We have seen a close on 20% rise in the price of maize between May 2016 to where we are now;

Researchers working on the SPII Basic Needs Basket Project, which monitors the prices or cost of 39 goods and services each month countrywide, have found that the price of maize meal has shot up by 37% in urban areas in the Free State, 34% in North West and 29% in Gauteng. In rural areas, prices increased by 39% in the Free State and 25% in Gauteng.

The price of samp, SPII researchers found, increased by 41% and 38% in the Free State and North West’s urban areas, respectively.”

A report released by the UN’s food and nutrition working group last month found this drought – the country’s worst since 1992 – had caused a decline in maize production that had already led to an increase in food prices of 6.4%.

South Africa’s first maize production forecast estimates the 2015 harvest to be the worst in eight years,” it found.

The Crop Estimates Committee predicts this season’s harvest will be 9.84 million metric tons, the smallest since 2007.”

Less local equates to more imports which again equates to far, far higher prices.

The worst drought in over two decades

In May 2014, it was predicted that 2014 was set to be the biggest harvest since 1981. It was predicted that 13.5 million tons of maize would be harvested by end of the season. Well, 10 months later and the worst drought since 1992 we end up in a situation where we have to import maize due to the volatile climate we are experiencing now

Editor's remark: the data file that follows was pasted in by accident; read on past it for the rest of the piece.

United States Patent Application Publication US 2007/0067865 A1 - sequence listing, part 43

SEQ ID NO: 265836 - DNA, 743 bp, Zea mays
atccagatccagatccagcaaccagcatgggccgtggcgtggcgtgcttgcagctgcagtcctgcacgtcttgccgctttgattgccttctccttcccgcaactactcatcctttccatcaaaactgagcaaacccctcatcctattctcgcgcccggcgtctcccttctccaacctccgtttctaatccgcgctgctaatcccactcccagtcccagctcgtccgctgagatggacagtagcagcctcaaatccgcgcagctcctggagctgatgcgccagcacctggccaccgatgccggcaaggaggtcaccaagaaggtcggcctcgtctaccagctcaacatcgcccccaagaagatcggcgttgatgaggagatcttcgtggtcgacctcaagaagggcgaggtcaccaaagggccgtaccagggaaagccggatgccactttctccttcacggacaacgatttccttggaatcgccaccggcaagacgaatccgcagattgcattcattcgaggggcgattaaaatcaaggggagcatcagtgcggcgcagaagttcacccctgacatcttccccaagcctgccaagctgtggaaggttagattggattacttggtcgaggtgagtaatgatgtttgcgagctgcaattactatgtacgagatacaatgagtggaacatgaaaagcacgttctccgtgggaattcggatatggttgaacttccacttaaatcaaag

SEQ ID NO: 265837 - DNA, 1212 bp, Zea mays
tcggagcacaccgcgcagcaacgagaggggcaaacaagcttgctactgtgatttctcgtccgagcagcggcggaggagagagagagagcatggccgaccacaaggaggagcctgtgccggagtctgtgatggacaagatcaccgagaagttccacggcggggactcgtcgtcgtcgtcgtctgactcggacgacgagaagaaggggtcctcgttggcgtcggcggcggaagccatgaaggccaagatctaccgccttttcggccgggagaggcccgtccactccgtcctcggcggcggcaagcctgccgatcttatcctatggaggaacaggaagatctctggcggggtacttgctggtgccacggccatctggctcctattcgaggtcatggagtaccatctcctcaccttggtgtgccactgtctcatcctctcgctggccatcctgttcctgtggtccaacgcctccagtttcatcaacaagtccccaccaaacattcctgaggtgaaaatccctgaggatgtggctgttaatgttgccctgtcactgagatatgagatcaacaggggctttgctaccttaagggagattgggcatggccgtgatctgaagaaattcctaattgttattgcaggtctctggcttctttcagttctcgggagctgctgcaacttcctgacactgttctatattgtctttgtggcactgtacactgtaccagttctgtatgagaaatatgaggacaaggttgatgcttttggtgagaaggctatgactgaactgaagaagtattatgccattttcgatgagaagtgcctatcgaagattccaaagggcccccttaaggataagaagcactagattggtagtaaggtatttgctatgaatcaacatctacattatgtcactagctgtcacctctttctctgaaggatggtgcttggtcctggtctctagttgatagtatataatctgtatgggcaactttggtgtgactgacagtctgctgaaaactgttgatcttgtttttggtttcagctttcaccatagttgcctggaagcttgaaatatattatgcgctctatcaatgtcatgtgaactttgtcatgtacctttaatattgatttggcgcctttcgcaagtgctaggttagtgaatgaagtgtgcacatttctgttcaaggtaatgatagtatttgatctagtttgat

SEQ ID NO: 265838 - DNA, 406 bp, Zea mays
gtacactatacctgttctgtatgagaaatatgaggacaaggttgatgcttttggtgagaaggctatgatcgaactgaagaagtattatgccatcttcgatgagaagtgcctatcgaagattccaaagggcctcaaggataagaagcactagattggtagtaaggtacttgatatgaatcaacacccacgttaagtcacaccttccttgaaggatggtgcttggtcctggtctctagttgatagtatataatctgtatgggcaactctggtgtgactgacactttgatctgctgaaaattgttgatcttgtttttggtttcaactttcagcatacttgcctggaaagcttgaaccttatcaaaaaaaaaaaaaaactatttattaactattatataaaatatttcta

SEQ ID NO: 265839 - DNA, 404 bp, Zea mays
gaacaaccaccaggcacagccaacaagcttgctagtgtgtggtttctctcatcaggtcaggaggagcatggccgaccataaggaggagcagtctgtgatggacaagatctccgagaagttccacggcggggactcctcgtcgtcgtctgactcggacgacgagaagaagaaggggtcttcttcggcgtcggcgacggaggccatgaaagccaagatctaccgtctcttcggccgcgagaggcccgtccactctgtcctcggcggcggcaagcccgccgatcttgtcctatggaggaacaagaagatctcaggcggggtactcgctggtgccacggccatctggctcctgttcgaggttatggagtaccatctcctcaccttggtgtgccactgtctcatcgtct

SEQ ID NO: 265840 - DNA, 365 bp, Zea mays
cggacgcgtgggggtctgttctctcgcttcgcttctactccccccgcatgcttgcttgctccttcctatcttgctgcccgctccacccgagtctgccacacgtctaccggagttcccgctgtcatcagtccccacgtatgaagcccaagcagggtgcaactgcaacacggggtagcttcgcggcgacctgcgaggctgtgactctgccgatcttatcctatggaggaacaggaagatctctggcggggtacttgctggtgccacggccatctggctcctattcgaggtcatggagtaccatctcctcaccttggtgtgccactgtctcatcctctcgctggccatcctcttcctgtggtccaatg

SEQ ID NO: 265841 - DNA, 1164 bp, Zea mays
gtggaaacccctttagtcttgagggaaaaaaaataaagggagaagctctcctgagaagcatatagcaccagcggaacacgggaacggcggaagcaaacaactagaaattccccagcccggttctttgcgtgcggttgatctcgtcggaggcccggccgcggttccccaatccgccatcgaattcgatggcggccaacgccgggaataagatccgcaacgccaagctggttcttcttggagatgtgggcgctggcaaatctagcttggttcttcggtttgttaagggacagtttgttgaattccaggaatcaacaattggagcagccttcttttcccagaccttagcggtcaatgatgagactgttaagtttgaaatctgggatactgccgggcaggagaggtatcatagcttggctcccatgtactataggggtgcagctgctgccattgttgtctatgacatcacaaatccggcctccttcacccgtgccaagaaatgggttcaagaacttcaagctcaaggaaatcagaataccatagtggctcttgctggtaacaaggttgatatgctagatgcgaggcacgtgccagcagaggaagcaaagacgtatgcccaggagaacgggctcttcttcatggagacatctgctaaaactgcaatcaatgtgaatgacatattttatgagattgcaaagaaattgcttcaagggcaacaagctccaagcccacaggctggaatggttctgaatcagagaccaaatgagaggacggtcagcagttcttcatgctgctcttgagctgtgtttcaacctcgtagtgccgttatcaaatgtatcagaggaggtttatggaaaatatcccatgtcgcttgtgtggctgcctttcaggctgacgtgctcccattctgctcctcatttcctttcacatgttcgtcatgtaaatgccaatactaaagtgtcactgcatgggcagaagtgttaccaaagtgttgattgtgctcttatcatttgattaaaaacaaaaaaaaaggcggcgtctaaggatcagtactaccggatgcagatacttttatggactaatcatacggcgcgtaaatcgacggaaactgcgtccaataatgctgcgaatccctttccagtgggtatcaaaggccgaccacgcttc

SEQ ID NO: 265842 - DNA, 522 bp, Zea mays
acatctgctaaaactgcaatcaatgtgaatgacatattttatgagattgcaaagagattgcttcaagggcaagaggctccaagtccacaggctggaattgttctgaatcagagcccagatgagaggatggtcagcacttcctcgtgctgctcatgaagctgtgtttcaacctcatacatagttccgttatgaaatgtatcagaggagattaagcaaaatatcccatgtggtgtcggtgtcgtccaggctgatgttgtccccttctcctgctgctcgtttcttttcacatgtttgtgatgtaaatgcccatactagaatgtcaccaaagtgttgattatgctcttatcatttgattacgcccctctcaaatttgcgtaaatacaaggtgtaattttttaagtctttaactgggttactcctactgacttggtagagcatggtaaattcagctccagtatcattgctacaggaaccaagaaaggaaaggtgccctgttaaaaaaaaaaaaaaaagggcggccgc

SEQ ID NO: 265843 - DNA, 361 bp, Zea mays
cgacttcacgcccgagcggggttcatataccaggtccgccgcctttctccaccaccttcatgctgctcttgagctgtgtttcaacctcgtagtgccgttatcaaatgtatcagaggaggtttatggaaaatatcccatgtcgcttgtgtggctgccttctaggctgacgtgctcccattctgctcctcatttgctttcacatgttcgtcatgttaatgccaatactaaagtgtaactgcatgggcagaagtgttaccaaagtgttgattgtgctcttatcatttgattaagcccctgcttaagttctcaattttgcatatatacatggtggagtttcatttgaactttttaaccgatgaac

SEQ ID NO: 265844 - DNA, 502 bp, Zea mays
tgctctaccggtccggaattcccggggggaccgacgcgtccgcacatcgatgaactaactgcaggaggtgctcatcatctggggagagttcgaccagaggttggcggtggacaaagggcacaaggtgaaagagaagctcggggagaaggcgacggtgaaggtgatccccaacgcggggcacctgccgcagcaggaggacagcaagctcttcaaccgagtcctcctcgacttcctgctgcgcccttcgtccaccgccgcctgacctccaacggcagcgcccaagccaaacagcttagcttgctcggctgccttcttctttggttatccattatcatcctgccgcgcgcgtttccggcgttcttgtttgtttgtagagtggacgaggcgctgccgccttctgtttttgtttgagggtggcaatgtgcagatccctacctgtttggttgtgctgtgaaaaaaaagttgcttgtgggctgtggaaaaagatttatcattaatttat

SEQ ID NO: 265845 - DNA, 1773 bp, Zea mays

The effects are far-reaching, disastrous and frightening.

Ready to shorten that shower and not fill the pool?

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Bottled Water Coolers VS Plumbed-In Water Coolers

Bottled Water Coolers VS Plumbed-In Water Coolers

It’s time to set the record straight between the main differences – advantages and disadvantages – between bottled water coolers and plumbed-in (or Point Of Use) water coolers.

Bottled Water Coolers

Aquazania Bottled Water Coolers make use of our 21.8 litre PET plastic water bottles, filled with multi-stage purified water, which are fitted to the machine and subsequently dispensed through both hot and cold taps located at the front of the water cooler.

The water is dispensed, firstly, into the two internally housed water tanks (one for the hot water and another for the cold water) – and from thereon further dispensed from the taps.

Bottled Water Cooler Solutions a great option to consider in the following circumstances: